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Gates' eMail Discussed PeopleSoft Stake

UPDATED: SAN FRANCISCO -- Like a pebble thrown into a still pond, Oracle's hostile bid for PeopleSoft sent ripples through the boardrooms of its rivals.

Bill Gates, who after learning about the hostile takeover last June, fired off an e-mail to Microsoft CEO Steve Ballmer asking to consider taking a financial stake in Pleasanton, Calif.-based PeopleSoft or acquiring Enterprise Resource Planning (ERP) software market leader SAP . The e-mail was revealed during Oracle's first day of defending itself against the U.S. Department of Justice's antitrust claims.

"Thinking about this PeopleSoft bid... made me wonder if we should approach them and suggest a minority investment to bolster their independence," Gates said in his e-mail. As for SAP, Gates' note said it was about time Microsoft made a move, "given our view of the need to strengthen our platform and willingness to use value to do it seems interesting."

Eventually, Microsoft entertained merger talks with SAP to the tune of $65 billion. But Douglas Burgum, vice president of Microsoft's Business Solutions, confirmed that the company dropped the discussions earlier this year and has no plans to renew its efforts.

The DoJ claims Redwood Shores, Calif.-based Oracle's acquisition of PeopleSoft would reduce the number of major enterprise software players to just two companies -- SAP and Oracle. Oracle's argument is that the government's market definition of ERP players is too narrow and must be widened to include Microsoft and IBM as well as Fidelity and Ceridian. The DoJ subpoenaed Burgum in a bid to show how Microsoft is not a factor in the large enterprise markets.

Microsoft's interest in PeopleSoft and SAP are key points in Oracle's antitrust defense strategy. Despite Microsoft's public statements that it would not enter the mid-to-large business sector for at least two years, Oracle claims that its rival in Redmond has already made movements into high-end enterprise markets and has customer wins to show for it.

Oracle released a 29-page white paper to the press Tuesday detailed how Microsoft's Great Plains division beat out a bid from PeopleSoft for theme park owner Six Flags Inc.'s $1 billion business. Oracle also points to Microsoft's future development in the markets with its "Project Green." Microsoft has said the initiative is an open, service-oriented architecture (SOA) and a new process-centric design based on getting everything under the .NET architecture, creating a new generation of component-based business applications.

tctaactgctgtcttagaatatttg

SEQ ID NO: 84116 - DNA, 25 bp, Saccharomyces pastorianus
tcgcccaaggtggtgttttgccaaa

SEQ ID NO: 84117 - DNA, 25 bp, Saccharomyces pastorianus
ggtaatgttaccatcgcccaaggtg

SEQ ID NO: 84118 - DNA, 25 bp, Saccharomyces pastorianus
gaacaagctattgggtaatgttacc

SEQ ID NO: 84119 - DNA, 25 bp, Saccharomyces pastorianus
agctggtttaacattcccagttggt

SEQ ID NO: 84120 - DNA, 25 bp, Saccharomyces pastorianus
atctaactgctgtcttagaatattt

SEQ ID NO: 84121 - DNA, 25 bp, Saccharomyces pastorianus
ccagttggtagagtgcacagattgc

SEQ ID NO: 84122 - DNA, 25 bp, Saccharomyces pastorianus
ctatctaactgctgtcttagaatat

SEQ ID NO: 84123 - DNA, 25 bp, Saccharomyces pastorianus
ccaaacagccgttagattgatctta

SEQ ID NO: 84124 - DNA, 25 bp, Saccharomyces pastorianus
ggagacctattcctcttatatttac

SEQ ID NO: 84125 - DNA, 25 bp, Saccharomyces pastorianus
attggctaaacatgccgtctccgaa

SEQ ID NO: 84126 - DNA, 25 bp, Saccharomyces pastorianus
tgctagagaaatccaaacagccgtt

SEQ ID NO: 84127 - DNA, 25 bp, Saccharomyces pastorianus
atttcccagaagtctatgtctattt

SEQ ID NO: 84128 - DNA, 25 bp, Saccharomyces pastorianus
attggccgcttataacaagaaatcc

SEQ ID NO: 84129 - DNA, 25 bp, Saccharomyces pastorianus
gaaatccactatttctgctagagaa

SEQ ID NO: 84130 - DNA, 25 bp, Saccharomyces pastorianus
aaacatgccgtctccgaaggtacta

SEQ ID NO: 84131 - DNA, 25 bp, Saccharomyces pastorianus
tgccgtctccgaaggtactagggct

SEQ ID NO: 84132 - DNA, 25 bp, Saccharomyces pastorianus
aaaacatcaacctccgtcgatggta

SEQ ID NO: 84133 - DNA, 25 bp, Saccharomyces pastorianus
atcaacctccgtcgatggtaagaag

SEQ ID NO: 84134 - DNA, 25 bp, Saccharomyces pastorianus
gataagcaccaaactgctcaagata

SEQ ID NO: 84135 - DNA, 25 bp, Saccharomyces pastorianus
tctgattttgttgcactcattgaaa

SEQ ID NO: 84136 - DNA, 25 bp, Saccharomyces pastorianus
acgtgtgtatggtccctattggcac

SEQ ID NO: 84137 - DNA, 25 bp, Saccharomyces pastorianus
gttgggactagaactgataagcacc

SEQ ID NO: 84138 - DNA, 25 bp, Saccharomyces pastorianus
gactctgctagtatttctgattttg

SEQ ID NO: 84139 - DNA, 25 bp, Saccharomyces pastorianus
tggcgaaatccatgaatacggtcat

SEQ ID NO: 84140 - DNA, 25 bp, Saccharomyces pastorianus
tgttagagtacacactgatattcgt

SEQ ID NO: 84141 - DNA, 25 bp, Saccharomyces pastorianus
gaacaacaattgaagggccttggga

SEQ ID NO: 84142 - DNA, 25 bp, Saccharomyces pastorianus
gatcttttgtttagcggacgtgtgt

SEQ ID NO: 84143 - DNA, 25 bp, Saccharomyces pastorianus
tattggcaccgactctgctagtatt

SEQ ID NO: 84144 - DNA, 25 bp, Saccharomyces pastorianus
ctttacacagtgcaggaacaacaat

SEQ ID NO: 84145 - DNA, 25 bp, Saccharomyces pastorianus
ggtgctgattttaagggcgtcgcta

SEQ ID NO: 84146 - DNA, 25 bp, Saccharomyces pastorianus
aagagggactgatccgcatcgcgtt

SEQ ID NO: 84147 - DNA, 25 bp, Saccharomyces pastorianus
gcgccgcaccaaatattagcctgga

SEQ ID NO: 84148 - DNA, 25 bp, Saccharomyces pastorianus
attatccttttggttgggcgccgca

Independent of Microsoft's advances, SAP was also reacting to Oracle's hostile takeover plans. Earlier on the stand, Richard Knowles, vice president of operations SAP America, was asked about his company's neutral stance toward Oracle's takeover plan.

"We are agnostic on the acquisition. This is not our fight. We do not side with either Oracle or the DoJ," Knowles said.

But when asked further about how the Waldorf, Germany-owned firm reacted to the original merger news, Knowles recounted that the company saw the merger as putting an extra dimension on their bidding contracts, considering that SAP went head to head with Oracle and PeopleSoft on a regular basis.

"We anticipate the same level of or greater amount of competitiveness," he said. "It is about winning that relationship with the client. It's nice to know with whom we are competing against, but that doesn't affect the way we [structure a competitive] discount."

Knowles also pointed out that SAP had also added Microsoft to its short list of companies it considered its closest rivals when competing for bids from companies that made under $1.5 billion.

Mike Dominy, Director of Enterprise Services at research firm Yankee Group, said the battle for IT dominance within the enterprise and eventually beyond the four walls of the enterprise is well underway.

"Oracle's long-term strategy is reflective of the consolidating market for IT used within large and medium enterprises," Dominy told internetnews.com. "Surviving the shake-out requires having a large customer base that provides recurring maintenance revenue and the ability to sell additional applications and technologies -- often called composite applications (applications that improve information flow and coordination between the enterprise and its network of business partners) into that enterprise customer base."

Steve Swasey, director of PeopleSoft's corporate public relations, said the company has claimed all along that the merger is not good for its customers. "Oracle's claim that it will continue to support our development in PeopleSoft or even J.D. Edwards' software is only for about 10 years," he told internetnews.com. "What does that cover? Just bug fixes?"

Oracle is scheduled to continue its defense Thursday with testimony expected from Retail.In.Genius CEO Ken Harris. Fidelity Vice President Michael Sternklar and Bank of America executive Brian Mearns are also slated to appear.

Despite its best efforts to pry away from the DoJ's anti-trust claims, Oracle's attempt to take over PeopleSoft still faces many hurdles, including the shareholder rights "poison pill," PeopleSoft's Customer Assurance Program, and a potential antitrust challenge from the European Union.